The Federal Government Has No Business in Marriage

Let us cut to the chase.  This gay marriage issue is all about money.  It is about tax treatment and spousal benefits, both corporate and federal.

If I hear a liberal say one more time that two people should have the right to love and live together, I will fill a bucket.  No one -- nothing -- is stopping them now.

If the federal government had kept its nose outside the marriage tent, there would be no issue.  No 14th amendment argument.  No SCOTUS ruling.  If the people of a state wish to make "special" concessions for married people, thus eventually being forced to pick up the gay marriage gauntlet, have at it.

Let those states who choose to do so offer marriage benefits and even require corporations to do the same.  Let it be local.  And let the people and corporations vote on the issue and, if need be, vote with their feet (i.e., leave).

The word "marriage" can not be found in the Constitution, and especially not in Article I, Section 8.

Joint tax returns, Social Security spousal survival benefits, estate tax treatment, etc. are all special federal treatments for married people.  What's the point?  It would be a good idea to revisit this notion if and when the tax code is ever reworked.

But in the meantime, let's be certain.  It's about money.  They don't want to talk about that.  The emotion and the inherent unfairness of it all is the framing of the issue they choose.  These are the pillars of the liberal world, not money, for heaven's sake.  Money is something only Republicans care about. Pardon my mirth.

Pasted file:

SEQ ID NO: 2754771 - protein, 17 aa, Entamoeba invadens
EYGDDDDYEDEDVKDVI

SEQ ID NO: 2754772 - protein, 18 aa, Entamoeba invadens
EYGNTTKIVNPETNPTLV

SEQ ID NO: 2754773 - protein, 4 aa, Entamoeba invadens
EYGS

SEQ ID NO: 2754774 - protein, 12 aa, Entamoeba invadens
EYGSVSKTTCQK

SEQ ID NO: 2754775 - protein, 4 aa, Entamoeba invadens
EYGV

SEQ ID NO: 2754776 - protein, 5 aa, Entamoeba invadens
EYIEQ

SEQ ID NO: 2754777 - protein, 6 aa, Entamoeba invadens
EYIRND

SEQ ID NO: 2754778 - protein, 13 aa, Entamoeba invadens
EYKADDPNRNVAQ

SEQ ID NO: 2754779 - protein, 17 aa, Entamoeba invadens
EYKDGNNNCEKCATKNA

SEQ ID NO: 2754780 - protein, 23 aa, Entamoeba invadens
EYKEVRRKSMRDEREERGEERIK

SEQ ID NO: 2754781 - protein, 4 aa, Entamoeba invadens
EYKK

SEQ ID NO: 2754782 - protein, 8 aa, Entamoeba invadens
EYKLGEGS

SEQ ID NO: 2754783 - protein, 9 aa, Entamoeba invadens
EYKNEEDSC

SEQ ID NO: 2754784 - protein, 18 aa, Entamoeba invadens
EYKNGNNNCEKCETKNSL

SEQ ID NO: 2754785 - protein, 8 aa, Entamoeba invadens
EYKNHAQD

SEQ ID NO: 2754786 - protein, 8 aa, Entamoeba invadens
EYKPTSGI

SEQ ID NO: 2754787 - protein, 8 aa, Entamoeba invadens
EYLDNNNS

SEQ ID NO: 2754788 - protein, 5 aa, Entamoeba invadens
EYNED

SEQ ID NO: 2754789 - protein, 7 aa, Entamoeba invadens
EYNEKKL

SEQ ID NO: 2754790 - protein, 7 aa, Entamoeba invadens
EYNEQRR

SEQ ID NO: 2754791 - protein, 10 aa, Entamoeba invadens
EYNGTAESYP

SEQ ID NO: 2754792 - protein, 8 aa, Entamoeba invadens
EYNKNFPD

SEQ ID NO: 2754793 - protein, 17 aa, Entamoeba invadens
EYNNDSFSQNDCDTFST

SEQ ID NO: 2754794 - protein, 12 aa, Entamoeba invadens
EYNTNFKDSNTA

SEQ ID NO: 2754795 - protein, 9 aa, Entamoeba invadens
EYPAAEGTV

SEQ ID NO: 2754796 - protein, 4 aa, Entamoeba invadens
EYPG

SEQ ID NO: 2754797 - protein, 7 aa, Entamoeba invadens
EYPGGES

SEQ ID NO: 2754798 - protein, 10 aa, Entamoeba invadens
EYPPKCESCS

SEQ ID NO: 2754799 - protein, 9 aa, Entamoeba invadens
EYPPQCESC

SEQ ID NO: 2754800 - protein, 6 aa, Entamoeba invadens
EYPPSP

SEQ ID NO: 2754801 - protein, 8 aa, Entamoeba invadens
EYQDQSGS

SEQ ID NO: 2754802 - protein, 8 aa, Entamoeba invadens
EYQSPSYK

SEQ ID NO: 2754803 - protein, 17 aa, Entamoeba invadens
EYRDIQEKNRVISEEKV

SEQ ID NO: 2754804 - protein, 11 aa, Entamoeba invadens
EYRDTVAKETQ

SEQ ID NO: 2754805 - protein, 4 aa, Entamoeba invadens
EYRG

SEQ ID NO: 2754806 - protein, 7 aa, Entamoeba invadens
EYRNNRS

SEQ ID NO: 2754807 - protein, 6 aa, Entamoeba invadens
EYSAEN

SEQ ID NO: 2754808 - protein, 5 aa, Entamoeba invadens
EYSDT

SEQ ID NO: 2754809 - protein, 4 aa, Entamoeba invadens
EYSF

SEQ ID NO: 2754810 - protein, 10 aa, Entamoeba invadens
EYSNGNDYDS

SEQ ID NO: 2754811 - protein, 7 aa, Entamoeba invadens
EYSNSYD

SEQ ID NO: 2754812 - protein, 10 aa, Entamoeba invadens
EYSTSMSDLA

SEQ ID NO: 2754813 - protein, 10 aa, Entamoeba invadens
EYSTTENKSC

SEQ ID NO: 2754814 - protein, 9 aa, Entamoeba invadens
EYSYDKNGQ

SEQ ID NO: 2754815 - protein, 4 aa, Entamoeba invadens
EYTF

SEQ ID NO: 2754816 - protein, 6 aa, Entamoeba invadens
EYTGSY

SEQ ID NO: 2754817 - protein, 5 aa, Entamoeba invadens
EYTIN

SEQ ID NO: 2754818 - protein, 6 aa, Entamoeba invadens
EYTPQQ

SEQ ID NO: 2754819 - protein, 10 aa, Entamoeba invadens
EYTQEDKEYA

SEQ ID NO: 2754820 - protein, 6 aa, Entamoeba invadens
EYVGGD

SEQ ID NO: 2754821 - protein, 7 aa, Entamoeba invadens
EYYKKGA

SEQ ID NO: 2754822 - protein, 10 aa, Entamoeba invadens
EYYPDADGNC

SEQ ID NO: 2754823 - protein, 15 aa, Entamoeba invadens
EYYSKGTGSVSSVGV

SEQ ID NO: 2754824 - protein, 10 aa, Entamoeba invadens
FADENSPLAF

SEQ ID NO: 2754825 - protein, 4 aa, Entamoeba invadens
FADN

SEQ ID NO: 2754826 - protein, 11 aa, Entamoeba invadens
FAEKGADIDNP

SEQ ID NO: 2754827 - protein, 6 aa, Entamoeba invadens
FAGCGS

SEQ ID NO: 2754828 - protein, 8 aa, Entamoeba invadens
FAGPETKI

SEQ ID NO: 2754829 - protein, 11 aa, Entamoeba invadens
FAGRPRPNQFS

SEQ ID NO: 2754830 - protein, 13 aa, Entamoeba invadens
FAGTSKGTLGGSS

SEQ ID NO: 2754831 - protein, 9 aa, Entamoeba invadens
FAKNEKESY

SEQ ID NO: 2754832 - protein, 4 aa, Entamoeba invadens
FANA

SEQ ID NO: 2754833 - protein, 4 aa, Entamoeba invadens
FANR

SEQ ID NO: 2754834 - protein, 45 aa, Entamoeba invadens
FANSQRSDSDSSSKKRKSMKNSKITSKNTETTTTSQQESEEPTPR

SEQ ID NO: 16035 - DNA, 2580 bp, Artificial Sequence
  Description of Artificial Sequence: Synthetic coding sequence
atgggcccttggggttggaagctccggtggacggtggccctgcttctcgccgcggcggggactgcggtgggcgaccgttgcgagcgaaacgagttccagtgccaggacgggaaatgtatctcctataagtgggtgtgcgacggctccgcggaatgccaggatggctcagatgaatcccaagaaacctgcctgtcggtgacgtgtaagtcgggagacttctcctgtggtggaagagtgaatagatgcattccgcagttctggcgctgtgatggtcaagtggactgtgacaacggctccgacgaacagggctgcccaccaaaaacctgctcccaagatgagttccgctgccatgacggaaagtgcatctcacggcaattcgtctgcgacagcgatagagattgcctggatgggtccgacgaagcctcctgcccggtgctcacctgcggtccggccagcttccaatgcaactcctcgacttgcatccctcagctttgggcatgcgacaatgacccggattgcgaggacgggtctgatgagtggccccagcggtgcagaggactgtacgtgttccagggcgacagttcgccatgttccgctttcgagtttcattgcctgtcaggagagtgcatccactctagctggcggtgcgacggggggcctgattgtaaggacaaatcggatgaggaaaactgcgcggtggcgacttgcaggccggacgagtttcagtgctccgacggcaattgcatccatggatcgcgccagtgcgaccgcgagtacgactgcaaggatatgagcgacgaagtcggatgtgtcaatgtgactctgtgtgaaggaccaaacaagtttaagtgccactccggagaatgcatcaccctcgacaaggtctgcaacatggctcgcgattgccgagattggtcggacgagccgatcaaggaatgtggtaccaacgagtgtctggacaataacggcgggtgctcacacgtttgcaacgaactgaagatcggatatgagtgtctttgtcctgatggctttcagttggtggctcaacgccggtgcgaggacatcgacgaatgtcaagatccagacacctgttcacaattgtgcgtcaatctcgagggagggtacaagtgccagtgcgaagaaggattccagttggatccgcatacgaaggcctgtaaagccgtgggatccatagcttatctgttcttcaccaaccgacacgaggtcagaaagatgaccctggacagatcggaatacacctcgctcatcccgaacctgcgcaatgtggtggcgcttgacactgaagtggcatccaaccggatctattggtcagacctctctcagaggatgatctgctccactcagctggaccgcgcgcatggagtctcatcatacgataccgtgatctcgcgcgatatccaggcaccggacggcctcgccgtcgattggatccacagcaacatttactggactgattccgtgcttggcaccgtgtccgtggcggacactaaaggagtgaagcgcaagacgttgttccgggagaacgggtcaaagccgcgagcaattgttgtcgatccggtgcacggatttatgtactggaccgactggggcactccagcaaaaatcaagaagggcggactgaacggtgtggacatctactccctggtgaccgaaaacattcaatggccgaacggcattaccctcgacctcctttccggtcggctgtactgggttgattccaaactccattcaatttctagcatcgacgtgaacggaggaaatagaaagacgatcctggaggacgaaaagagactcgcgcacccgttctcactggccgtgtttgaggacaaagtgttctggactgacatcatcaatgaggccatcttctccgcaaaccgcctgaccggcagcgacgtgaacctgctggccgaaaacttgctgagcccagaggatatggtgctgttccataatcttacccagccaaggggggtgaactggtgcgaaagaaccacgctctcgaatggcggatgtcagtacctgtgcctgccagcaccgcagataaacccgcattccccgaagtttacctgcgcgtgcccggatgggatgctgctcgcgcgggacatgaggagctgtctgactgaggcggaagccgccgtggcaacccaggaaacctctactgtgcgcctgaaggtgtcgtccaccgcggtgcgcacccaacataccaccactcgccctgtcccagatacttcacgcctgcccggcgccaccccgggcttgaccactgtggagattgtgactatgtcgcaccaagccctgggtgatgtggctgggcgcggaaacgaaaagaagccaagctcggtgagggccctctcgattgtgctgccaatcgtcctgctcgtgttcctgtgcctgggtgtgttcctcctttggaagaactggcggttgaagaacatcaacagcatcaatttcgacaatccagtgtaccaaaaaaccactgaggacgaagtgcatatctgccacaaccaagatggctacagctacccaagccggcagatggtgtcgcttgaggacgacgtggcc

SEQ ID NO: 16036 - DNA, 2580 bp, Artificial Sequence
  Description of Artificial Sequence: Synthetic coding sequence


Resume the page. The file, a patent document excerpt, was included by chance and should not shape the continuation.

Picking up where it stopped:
Bruce Johnson

 

Let us cut to the chase.  This gay marriage issue is all about money.  It is about tax treatment and spousal benefits, both corporate and federal.

If I hear a liberal say one more time that two people should have the right to love and live together, I will fill a bucket.  No one -- nothing -- is stopping them now.

If the federal government had kept its nose outside the marriage tent, there would be no issue.  No 14th amendment argument.  No SCOTUS ruling.  If the people of a state wish to make "special" concessions for married people, thus eventually being forced to pick up the gay marriage gauntlet, have at it.

Let those states who choose to do so offer marriage benefits and even require corporations to do the same.  Let it be local.  And let the people and corporations vote on the issue and, if need be, vote with their feet (i.e., leave).

The word "marriage" can not be found in the Constitution, and especially not in Article I, Section 8.

Joint tax returns, Social Security spousal survival benefits, estate tax treatment, etc. are all special federal treatments for married people.  What's the point?  It would be a good idea to revisit this notion if and when the tax code is ever reworked.

But in the meantime, let's be certain.  It's about money.  They don't want to talk about that.  The emotion and the inherent unfairness of it all is the framing of the issue they choose.  These are the pillars of the liberal world, not money, for heaven's sake.  Money is something only Republicans care about. Pardon my mirth.

Bruce Johnson

 

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